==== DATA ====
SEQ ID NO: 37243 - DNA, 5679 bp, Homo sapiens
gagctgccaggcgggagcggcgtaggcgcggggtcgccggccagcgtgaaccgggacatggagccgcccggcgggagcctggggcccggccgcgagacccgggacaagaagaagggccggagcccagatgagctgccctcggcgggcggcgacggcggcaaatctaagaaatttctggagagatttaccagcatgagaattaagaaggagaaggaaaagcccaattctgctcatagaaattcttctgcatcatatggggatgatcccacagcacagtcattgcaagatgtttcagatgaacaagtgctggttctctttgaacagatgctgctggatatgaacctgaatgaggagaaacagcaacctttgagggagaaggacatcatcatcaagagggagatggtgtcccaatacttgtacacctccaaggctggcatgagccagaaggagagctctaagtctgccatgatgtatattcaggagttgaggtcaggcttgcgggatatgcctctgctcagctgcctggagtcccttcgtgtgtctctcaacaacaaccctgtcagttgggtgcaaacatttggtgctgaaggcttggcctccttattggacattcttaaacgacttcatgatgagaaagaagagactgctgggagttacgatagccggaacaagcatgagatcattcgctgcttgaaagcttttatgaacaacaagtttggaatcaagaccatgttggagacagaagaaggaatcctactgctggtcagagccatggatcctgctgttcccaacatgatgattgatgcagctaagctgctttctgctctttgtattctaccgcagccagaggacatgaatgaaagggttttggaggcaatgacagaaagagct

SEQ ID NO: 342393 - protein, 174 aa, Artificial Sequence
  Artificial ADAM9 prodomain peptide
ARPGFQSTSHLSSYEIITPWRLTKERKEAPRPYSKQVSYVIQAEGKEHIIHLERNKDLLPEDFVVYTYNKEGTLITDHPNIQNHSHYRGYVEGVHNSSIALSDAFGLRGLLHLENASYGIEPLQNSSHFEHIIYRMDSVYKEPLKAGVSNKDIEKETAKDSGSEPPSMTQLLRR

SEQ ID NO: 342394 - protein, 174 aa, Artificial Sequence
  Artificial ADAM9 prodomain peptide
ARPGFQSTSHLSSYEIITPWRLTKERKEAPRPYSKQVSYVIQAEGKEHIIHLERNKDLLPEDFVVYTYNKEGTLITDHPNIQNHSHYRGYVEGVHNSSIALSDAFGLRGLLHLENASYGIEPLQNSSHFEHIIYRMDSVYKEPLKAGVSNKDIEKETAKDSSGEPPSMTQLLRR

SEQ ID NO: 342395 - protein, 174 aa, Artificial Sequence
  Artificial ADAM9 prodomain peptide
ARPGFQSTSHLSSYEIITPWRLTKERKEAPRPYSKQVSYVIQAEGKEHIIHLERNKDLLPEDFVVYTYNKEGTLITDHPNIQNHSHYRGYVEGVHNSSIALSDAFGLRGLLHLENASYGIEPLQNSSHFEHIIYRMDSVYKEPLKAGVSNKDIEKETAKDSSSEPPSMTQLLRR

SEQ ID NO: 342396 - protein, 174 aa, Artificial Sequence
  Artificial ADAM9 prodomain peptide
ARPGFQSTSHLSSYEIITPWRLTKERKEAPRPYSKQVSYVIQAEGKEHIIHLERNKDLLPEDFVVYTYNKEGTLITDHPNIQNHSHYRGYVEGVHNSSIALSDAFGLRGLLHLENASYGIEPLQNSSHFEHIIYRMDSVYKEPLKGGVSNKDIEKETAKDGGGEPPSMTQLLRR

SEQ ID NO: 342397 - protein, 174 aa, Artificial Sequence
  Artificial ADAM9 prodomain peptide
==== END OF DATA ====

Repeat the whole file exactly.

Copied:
SEQ ID NO: 37243 - DNA, 5679 bp, Homo sapiens
gagctgccaggcgggagcggcgtaggcgcggggtcgccggccagcgtgaaccgggacatggagccgcccggcgggagcctggggcccggccgcgagacccgggacaagaagaagggccggagcccagatgagctgccctcggcgggcggcgacggcggcaaatctaagaaatttctggagagatttaccagcatgagaattaagaaggagaaggaaaagcccaattctgctcatagaaattcttctgcatcatatggggatgatcccacagcacagtcattgcaagatgtttcagatgaacaagtgctggttctctttgaacagatgctgctggatatgaacctgaatgaggagaaacagcaacctttgagggagaaggacatcatcatcaagagggagatggtgtcccaatacttgtacacctccaaggctggcatgagccagaaggagagctctaagtctgccatgatgtatattcaggagttgaggtcaggcttgcgggatatgcctctgctcagctgcctggagtcccttcgtgtgtctctcaacaacaaccctgtcagttgggtgcaaacatttggtgctgaaggcttggcctccttattggacattcttaaacgacttcatgatgagaaagaagagactgctgggagttacgatagccggaacaagcatgagatcattcgctgcttgaaagcttttatgaacaacaagtttggaatcaagaccatgttggagacagaagaaggaatcctactgctggtcagagccatggatcctgctgttcccaacatgatgattgatgcagctaagctgctttctgctctttgtattctaccgcagccagaggacatgaatgaaagggttttggaggcaatgacagaaagagct

SEQ ID NO: 342393 - protein, 174 aa, Artificial Sequence
  Artificial ADAM9 prodomain peptide
ARPGFQSTSHLSSYEIITPWRLTKERKEAPRPYSKQVSYVIQAEGKEHIIHLERNKDLLPEDFVVYTYNKEGTLITDHPNIQNHSHYRGYVEGVHNSSIALSDAFGLRGLLHLENASYGIEPLQNSSHFEHIIYRMDSVYKEPLKAGVSNKDIEKETAKDSGSEPPSMTQLLRR

SEQ ID NO: 342394 - protein, 174 aa, Artificial Sequence
  Artificial ADAM9 prodomain peptide
ARPGFQSTSHLSSYEIITPWRLTKERKEAPRPYSKQVSYVIQAEGKEHIIHLERNKDLLPEDFVVYTYNKEGTLITDHPNIQNHSHYRGYVEGVHNSSIALSDAFGLRGLLHLENASYGIEPLQNSSHFEHIIYRMDSVYKEPLKAGVSNKDIEKETAKDSSGEPPSMTQLLRR

SEQ ID NO: 342395 - protein, 174 aa, Artificial Sequence
  Artificial ADAM9 prodomain peptide
ARPGFQSTSHLSSYEIITPWRLTKERKEAPRPYSKQVSYVIQAEGKEHIIHLERNKDLLPEDFVVYTYNKEGTLITDHPNIQNHSHYRGYVEGVHNSSIALSDAFGLRGLLHLENASYGIEPLQNSSHFEHIIYRMDSVYKEPLKAGVSNKDIEKETAKDSSSEPPSMTQLLRR

SEQ ID NO: 342396 - protein, 174 aa, Artificial Sequence
  Artificial ADAM9 prodomain peptide
ARPGFQSTSHLSSYEIITPWRLTKERKEAPRPYSKQVSYVIQAEGKEHIIHLERNKDLLPEDFVVYTYNKEGTLITDHPNIQNHSHYRGYVEGVHNSSIALSDAFGLRGLLHLENASYGIEPLQNSSHFEHIIYRMDSVYKEPLKGGVSNKDIEKETAKDGGGEPPSMTQLLRR

SEQ ID NO: 342397 - protein, 174 aa, Artificial Sequence
  Artificial ADAM9 prodomain peptide